Re: [RFC][PATCH 0/9] Network receive deadlock prevention for NBD

From: Evgeniy Polyakov
Date: Fri Aug 18 2006 - 03:16:52 EST

On Thu, Aug 17, 2006 at 04:24:26PM -0700, Daniel Phillips (phillips@xxxxxxxxxx) wrote:
> >Feel free to implement any receiving policy inside _separated_ allocator
> >to meet your needs, but if allocator depends on main system's memory
> >conditions it is always possible that it will fail to make forward
> >progress.
> Wrong. Our main allocator has a special reserve that can be accessed
> only by a task that has its PF_MEMALLOC flag set. This reserve exists
> in order to guarantee forward progress in just such situations as the
> network runs into when it is trying to receive responses from a remote
> disk. Anything otherwise is a bug.

Ok, I see your point.
You create special fix for special config situation.
In general it does not work.

> >>>I do not argue that your approach is bad or does not solve the problem,
> >>>I'm just trying to show that further evolution of that idea eventually
> >>>ends up in separated allocator (as long as all most robust systems
> >>>separate operations), which can improve things in a lot of other sides
> >>>too.
> >>
> >>Not a separate allocator per-se, separate socket group, they are
> >>serviced by the kernel, they will never refuse to process data, and it
> >>is critical for the continued well-being of your kernel that they get
> >>their data.
> The memalloc reserve is indeed a separate reserve, however it is a
> reserve that already exists, and you are busy creating another separate
> reserve to further partition memory. Partitioning memory is not the
> direction we should be going, we should be trying to unify our reserves
> wherever possible, and find ways such as Andrew and others propose to
> implement "reserve on demand", or in other words, take advantage of
> "easily freeable" pages.

Such approach does not fix the problem.
Why no one complain that there is priveledge separation while "we can
fix all existing application"?
It is possible that there will not be any "easily freeable" pages, and
your special reserve will not be filled.

> If your allocation code is so much more efficient than slab then why
> don't you fix slab instead of replicating functionality that already
> exists elsewhere in the system, and has since day one?

No one need an exuse to rewrite something.

> >You do not know in advance which sockets must be separated (since only
> >in the simplest situation it is the same as in NBD and is
> >kernelspace-only),
> Yes we do, they are exactly those sockets that lie in the block IO path.
> The VM cannot deadlock on any others.

There are some pieces of the world behind NBD and iSCSI.

> >you can not solve problem with ARP/ICMP/route changes and other control
> >messages, netfilter, IPsec and compression which still can happen in your
> >setup,
> If you bothered to read the patches you would know that ICMP is indeed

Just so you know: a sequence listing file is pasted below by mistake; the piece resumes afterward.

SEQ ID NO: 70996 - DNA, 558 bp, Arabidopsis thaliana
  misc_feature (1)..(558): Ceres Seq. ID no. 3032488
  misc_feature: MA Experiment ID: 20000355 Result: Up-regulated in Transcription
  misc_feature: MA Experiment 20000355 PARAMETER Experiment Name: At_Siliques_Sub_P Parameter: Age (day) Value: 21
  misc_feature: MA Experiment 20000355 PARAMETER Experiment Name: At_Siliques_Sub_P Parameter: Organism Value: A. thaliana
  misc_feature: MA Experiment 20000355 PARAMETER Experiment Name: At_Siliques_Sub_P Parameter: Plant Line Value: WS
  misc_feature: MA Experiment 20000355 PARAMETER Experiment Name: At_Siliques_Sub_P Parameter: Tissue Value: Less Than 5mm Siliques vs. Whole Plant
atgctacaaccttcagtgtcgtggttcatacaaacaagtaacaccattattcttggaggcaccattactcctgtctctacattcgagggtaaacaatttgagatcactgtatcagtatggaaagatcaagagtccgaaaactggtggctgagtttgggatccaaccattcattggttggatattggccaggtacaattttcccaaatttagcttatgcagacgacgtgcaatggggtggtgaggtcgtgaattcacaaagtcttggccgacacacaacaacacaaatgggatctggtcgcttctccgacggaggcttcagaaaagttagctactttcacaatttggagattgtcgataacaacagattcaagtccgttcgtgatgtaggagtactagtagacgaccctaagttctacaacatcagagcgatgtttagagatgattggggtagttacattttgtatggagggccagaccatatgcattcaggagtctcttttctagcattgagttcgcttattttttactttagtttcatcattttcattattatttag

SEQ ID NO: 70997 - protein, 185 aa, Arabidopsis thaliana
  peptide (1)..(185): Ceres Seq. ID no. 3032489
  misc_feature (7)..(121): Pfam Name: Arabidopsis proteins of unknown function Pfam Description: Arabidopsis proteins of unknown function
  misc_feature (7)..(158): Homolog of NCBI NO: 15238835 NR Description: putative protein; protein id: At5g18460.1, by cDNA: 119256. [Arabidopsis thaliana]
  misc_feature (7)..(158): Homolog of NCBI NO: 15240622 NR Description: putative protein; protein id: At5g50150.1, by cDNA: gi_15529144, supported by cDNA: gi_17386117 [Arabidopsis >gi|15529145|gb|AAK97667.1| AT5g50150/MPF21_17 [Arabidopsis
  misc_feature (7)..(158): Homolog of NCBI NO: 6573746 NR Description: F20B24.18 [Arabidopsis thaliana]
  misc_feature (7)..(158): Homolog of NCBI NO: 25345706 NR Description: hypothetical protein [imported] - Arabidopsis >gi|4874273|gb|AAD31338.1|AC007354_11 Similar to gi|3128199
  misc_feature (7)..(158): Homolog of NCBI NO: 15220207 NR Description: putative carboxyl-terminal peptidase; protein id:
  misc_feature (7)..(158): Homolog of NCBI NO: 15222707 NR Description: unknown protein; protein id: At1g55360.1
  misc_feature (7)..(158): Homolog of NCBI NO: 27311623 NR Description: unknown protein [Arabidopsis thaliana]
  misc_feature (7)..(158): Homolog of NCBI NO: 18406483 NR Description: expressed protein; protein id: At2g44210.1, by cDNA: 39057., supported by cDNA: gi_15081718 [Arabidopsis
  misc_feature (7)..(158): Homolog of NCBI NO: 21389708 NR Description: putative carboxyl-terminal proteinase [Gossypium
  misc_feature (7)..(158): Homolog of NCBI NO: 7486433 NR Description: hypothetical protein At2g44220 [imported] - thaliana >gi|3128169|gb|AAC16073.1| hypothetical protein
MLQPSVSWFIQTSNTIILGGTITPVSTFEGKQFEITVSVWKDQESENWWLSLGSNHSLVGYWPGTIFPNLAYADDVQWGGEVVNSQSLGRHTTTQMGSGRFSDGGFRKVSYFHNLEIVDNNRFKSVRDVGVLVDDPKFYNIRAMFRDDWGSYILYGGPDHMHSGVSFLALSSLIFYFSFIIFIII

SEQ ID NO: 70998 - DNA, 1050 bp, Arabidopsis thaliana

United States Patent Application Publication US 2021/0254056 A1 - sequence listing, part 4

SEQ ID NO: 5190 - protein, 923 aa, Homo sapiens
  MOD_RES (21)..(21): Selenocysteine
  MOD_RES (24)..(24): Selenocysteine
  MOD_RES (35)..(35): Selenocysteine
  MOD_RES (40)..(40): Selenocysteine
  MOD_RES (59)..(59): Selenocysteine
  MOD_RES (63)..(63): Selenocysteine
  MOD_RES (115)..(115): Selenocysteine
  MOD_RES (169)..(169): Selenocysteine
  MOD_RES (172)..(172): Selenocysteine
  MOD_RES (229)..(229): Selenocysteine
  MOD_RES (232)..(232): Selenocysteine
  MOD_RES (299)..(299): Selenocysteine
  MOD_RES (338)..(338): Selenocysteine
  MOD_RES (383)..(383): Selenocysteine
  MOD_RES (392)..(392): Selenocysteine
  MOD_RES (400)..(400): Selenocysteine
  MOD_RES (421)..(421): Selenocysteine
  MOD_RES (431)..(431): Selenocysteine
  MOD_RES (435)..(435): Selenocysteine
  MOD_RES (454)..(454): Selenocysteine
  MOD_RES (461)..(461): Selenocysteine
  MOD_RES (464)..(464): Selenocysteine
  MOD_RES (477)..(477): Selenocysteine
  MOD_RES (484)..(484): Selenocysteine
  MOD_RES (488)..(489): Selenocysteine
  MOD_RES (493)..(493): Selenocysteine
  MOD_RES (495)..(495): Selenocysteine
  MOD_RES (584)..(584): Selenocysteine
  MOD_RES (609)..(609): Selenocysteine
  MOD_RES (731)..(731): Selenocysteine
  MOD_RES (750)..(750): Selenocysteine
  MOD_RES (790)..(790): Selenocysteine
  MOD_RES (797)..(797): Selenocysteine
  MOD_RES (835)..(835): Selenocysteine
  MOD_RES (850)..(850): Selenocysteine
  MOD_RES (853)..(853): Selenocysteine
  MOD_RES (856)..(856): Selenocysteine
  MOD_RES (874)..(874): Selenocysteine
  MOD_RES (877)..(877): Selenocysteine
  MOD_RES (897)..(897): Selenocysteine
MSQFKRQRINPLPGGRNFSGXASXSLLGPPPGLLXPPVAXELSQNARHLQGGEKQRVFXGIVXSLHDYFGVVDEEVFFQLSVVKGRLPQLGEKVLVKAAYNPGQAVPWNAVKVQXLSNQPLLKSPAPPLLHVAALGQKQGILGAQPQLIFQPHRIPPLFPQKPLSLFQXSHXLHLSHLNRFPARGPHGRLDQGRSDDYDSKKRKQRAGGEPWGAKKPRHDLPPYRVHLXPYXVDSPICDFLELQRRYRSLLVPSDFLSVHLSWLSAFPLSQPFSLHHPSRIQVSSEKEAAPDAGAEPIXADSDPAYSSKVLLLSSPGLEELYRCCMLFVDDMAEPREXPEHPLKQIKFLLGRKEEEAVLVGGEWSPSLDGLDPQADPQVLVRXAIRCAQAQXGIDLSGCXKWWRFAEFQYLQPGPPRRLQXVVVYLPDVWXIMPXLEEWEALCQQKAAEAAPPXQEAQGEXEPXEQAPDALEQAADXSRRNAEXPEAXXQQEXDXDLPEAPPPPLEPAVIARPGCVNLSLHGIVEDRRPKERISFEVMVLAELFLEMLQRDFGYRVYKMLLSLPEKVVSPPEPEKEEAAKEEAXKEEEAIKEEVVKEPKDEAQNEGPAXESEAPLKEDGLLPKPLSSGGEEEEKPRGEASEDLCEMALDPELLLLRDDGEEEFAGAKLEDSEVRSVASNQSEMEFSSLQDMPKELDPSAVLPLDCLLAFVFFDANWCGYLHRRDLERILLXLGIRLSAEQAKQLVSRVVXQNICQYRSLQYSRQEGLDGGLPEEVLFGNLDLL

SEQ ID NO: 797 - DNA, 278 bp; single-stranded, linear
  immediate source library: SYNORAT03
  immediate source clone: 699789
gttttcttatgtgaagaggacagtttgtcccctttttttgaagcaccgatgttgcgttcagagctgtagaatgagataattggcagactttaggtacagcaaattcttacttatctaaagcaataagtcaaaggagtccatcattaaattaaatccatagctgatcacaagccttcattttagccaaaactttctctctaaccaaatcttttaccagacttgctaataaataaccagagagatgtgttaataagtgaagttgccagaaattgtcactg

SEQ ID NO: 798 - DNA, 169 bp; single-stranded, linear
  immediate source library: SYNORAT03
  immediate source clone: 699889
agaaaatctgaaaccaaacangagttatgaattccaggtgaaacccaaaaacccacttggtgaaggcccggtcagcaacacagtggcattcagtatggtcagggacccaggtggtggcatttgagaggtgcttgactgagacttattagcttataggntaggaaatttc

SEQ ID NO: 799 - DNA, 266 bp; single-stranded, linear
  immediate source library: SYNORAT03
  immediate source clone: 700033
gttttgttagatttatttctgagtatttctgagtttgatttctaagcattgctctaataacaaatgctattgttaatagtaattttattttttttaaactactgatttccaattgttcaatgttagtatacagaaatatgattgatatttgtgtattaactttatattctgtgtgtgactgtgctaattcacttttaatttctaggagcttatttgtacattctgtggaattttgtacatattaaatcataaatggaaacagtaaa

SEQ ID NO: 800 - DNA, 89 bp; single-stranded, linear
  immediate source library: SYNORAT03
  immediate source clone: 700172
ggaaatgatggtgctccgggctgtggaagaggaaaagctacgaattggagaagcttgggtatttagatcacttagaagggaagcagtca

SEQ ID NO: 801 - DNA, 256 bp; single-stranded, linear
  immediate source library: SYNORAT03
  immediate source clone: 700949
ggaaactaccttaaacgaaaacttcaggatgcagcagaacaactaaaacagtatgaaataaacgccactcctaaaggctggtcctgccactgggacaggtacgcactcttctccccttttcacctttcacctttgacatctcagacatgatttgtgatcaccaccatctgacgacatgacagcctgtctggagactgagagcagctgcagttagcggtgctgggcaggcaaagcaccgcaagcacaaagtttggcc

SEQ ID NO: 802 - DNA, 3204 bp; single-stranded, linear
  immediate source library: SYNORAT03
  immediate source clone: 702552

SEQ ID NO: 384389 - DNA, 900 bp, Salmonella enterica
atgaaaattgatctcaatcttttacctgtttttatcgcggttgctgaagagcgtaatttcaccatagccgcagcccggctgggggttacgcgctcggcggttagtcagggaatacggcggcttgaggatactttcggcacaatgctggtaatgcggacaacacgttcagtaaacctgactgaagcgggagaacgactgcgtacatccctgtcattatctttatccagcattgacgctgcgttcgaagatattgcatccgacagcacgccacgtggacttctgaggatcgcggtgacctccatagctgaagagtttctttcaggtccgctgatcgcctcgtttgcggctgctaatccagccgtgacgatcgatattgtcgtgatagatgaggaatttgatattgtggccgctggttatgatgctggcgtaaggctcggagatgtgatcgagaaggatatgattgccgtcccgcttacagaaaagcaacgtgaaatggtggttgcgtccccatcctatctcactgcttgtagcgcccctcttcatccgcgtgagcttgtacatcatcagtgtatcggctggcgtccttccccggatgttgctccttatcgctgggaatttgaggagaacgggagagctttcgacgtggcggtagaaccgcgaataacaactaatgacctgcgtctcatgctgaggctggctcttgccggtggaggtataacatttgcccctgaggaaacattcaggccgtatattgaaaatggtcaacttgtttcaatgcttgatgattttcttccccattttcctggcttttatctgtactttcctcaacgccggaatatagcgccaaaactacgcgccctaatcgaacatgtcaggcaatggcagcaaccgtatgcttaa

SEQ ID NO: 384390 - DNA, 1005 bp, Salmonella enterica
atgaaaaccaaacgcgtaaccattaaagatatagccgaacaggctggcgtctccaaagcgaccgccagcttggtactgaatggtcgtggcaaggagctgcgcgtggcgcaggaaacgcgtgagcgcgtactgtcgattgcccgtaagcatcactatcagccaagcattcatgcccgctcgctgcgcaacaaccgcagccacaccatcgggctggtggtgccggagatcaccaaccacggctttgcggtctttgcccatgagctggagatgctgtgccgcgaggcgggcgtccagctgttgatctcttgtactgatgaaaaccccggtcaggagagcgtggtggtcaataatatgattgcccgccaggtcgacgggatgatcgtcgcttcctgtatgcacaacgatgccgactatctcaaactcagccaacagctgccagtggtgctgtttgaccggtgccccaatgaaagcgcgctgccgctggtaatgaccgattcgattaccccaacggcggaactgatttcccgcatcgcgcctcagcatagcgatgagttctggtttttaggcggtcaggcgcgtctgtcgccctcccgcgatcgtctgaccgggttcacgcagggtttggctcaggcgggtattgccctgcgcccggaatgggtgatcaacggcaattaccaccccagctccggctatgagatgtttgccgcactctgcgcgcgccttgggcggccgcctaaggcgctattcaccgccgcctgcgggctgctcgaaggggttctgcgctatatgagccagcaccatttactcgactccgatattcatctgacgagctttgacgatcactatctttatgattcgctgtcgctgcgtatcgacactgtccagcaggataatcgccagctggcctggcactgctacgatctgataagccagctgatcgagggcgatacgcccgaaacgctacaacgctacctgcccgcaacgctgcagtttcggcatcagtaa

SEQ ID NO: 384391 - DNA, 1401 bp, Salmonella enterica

> handled. ARP I don't think so, we may need to do that since ARP can
> believably be required for remote disk interface failover. Anybody
> who designs ssh into remote disk failover is an idiot. Ssh for
> configuration, monitoring and administration is fine. Ssh for fencing
> or whatever is just plain stupid, unless the nodes running both server
> and client are not allowed to mount the remote disk.

I only remember that socket with sk_memalloc is being handled, no ICMP,
no ARP. What about other control messages in bonding setup of failover?

> >if something goes wrong and receiving will require additional
> >allocation from network datapath, system is dead,
> >this strict conditions does not allow flexible control over possible
> >connections and does not allow to create additional connections.
> You know that how?
> >>Also, I do not think people would like it if say 100M of their 1G system
> >>just disappears, never to used again for eg. page-cache in periods of
> >>low network traffic.
> >
> >Just for clarification: network tree allocator gets 512kb and then
> >increases cache size when it is required. Default value can be changed
> >of course.
> Great. Now why does the network layer need its own, invented-in-netland
> allocator? Why can't everybody use your allocator if it is better?

As far as I recall, I several times already said, that there is no
problem to use that allocator in any other places, MMU-less systems will
especially greatly benefit from it (since it was designed for them too).

> Also, please don't get the idea that your allocator by itself solves the
> block IO receive starvation problem. At the very least you need to do
> something about network traffic that is unrelated to forward progress of
> memory writeout, yet can starve the memory writeout. Oh wait, our patch
> set already does that.

It is not my allocator that solves the problem, but a situation when
pools are separated!
And you slowly go that direction too (global reserve instead of per-socket
is the first step).

Problem is not solved, when critical allocations depend on reserve which
depends on main system conditions.

> Regards,
> Daniel

Evgeniy Polyakov
To unsubscribe from this list: send the line "unsubscribe linux-kernel" in
the body of a message to majordomo@xxxxxxxxxxxxxxx
More majordomo info at
Please read the FAQ at